In the 1930s a young Meridel Le Sueur was living in Minnesota and writing about how desperate poverty pushed law-abiding women across the line of criminality. She was going to meetings with women in the Workers Alliance, writing “to raise our miserable circumstances to the level of sagas.” She had published several articles in New Masses, Anvil and other lefty magazines before she got a job on the Writers’ Project. (More in Soul of a People.)
On her own time, Le Sueur wrote up the stories of her fellow women, and in her novel The Girl, she created a composite portrait of a female character forced by circumstances to work at a speakeasy, which leads her to work as a prostitute, and later as a getaway driver in a bank holdup that goes wrong. The protagonist is eventually rescued by a group of homeless women who are probably communists.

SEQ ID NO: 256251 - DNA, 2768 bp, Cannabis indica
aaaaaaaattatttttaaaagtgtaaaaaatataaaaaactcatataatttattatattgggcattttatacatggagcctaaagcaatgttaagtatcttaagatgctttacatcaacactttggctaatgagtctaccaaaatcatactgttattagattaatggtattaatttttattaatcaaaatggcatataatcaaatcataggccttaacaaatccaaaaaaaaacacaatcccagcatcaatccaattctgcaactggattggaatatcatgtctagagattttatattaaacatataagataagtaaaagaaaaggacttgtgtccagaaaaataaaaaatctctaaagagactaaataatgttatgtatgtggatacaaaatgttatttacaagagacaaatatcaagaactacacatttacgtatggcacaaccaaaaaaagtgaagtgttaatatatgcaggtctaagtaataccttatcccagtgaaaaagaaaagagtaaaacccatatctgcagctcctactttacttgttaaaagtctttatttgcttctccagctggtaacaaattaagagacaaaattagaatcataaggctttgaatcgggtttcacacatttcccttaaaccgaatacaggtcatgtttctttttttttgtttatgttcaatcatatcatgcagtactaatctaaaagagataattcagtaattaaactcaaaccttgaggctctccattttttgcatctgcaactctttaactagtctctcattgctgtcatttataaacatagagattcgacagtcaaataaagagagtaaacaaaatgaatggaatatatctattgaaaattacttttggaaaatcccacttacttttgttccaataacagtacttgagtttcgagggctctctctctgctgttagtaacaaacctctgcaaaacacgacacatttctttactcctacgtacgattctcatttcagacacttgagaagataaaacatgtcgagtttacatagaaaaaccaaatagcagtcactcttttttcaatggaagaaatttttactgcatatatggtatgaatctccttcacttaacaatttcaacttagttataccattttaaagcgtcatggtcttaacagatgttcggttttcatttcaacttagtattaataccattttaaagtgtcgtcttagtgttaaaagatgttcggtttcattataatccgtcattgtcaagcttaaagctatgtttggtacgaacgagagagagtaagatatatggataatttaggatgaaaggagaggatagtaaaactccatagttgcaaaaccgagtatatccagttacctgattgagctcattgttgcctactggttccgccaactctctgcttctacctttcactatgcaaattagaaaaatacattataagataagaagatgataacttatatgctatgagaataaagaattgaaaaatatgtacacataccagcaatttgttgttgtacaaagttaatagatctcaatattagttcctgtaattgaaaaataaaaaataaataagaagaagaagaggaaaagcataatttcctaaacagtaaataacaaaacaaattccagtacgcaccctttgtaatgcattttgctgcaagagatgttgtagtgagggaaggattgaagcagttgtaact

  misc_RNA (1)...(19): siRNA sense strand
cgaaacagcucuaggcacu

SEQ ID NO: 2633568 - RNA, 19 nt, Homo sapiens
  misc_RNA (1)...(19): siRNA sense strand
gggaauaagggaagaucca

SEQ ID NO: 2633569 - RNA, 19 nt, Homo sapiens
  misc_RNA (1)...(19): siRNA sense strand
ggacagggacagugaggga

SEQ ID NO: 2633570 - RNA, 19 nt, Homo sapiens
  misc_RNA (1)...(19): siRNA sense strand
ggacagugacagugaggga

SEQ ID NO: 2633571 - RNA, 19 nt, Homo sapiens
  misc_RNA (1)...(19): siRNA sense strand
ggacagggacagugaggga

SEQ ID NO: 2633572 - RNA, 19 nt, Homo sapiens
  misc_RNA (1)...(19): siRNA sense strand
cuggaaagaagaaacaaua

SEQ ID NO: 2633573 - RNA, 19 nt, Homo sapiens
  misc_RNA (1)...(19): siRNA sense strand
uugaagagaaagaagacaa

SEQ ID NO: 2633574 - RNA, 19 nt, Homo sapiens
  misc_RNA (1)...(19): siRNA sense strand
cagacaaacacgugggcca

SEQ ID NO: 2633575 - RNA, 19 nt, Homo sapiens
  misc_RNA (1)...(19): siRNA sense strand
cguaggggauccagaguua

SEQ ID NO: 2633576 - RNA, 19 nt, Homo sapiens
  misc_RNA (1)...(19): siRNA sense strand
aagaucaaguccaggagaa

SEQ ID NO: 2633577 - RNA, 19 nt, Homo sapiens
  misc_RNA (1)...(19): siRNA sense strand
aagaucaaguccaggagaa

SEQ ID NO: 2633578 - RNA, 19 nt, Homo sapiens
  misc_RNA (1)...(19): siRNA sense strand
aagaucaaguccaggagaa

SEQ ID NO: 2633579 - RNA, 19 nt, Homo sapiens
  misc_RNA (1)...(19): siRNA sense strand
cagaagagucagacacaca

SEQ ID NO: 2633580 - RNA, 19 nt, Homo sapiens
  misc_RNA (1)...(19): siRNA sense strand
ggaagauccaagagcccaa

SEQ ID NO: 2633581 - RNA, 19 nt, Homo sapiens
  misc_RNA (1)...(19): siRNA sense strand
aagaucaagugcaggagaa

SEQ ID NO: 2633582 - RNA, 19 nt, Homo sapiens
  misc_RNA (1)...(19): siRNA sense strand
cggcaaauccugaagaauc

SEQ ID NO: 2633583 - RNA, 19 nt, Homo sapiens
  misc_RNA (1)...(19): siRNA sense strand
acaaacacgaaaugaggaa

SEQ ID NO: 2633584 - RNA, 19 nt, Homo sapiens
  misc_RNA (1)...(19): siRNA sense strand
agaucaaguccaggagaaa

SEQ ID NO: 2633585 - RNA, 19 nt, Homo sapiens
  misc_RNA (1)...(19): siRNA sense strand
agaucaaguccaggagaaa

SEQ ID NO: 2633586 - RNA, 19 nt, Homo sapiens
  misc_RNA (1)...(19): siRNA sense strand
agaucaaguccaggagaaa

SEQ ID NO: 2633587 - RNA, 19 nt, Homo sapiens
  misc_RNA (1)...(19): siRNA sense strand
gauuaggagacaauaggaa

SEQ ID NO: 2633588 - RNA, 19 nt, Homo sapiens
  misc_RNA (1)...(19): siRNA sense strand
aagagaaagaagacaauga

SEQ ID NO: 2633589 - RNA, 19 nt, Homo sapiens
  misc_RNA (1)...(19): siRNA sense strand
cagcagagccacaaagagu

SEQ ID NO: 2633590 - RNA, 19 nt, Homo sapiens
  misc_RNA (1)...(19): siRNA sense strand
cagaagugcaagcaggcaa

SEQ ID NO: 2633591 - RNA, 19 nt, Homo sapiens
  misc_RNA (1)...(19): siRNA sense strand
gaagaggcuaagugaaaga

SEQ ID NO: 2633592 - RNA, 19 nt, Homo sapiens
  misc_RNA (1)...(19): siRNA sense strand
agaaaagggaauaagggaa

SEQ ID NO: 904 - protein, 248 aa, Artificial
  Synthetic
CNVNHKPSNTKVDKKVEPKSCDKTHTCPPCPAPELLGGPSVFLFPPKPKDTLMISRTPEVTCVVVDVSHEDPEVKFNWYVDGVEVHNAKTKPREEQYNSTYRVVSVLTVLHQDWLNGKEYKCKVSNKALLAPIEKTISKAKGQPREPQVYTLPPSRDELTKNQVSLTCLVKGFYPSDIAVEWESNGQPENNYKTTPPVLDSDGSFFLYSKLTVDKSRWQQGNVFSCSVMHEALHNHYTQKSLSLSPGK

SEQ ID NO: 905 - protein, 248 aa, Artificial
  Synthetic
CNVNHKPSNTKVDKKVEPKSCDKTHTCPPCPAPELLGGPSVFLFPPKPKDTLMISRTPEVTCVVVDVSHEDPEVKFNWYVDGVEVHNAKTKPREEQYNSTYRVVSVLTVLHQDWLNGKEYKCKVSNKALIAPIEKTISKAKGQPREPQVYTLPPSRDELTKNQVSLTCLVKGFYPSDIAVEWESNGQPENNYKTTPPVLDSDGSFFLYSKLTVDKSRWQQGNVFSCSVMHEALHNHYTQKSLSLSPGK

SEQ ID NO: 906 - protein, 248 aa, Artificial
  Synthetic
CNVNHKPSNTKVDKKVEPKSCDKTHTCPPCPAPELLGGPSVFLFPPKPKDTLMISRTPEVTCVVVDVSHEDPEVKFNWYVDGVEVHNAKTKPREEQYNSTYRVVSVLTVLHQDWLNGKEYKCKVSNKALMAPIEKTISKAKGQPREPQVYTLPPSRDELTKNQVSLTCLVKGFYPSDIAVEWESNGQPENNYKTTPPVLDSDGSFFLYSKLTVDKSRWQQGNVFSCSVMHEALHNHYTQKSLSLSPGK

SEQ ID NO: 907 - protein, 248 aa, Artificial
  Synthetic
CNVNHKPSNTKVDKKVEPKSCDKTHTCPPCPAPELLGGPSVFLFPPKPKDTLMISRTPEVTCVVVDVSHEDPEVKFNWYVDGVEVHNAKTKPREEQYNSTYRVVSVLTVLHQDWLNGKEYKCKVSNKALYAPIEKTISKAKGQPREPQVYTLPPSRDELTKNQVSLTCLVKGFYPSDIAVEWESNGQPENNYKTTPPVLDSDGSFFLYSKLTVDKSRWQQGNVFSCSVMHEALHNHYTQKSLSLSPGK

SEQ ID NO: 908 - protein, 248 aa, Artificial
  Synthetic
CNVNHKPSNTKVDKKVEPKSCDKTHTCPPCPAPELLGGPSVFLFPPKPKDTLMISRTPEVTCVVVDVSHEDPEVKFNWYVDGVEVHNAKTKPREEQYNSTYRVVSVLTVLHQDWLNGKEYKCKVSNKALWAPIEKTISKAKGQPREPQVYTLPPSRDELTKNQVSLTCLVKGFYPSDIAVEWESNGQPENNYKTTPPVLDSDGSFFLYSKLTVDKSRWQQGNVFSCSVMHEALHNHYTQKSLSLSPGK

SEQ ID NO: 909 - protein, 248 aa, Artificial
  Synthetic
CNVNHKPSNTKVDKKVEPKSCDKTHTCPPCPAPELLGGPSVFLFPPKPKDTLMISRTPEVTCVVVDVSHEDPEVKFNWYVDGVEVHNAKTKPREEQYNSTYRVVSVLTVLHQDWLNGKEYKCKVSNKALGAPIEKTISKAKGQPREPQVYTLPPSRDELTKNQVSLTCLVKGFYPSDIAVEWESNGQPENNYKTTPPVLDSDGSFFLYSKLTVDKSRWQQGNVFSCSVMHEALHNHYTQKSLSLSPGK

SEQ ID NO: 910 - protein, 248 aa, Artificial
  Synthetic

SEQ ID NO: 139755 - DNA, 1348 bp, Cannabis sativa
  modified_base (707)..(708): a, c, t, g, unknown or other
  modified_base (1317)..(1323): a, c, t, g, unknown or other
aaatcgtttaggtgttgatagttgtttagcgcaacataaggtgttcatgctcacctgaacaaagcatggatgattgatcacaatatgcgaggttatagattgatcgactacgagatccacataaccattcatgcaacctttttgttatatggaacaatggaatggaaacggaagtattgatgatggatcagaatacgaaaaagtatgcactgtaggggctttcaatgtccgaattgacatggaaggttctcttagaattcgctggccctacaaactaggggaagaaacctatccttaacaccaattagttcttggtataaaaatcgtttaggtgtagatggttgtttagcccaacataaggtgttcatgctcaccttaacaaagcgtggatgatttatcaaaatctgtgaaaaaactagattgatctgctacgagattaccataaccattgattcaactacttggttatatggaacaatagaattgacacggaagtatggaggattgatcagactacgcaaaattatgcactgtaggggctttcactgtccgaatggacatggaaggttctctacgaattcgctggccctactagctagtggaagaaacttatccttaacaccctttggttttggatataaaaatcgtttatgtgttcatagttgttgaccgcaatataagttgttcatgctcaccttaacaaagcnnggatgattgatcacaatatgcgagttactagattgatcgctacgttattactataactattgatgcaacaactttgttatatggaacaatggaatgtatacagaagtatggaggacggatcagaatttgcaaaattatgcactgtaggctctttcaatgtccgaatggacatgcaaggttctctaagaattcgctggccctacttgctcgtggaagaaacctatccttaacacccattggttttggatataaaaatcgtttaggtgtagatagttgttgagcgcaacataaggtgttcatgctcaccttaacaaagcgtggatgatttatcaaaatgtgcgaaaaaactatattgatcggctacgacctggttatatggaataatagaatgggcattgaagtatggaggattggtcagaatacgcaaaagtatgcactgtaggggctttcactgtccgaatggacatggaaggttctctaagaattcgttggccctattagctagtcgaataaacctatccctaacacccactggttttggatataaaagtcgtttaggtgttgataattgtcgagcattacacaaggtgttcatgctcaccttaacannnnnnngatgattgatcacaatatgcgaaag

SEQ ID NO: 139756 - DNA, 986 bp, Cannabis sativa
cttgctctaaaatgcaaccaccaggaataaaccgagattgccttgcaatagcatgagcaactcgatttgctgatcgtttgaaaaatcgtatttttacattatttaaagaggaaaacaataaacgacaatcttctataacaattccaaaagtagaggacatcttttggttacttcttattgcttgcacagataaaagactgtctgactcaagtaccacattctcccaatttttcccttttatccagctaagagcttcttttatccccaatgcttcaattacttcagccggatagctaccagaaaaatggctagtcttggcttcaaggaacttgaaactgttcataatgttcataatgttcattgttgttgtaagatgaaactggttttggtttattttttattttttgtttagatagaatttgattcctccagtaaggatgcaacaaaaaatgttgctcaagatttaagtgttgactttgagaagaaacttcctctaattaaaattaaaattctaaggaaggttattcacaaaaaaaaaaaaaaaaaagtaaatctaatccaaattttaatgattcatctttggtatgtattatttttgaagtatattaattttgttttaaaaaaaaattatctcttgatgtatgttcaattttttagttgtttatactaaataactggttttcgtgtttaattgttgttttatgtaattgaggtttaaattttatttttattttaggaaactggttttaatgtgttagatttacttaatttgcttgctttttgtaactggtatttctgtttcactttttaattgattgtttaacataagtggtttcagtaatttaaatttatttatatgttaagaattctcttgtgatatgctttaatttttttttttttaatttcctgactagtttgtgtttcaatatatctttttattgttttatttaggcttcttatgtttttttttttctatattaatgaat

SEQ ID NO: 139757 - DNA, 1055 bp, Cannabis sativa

When the novel was finally published in the 1970s, Le Sueur was known as a pioneer in the women’s movement. She called the book a “hosanna” from one generation of women to the next, a shout of joy and strength to “those wonderful women … who keep us all alive.”
“It was a white culture up to then,” Le Sueur said at a reunion of WPA writers in the 1980s. “There was no black movement,” she explained, “no women’s culture” on the radar before the 1930s. By gathering these stories, the WPA writers paved the way for new American histories.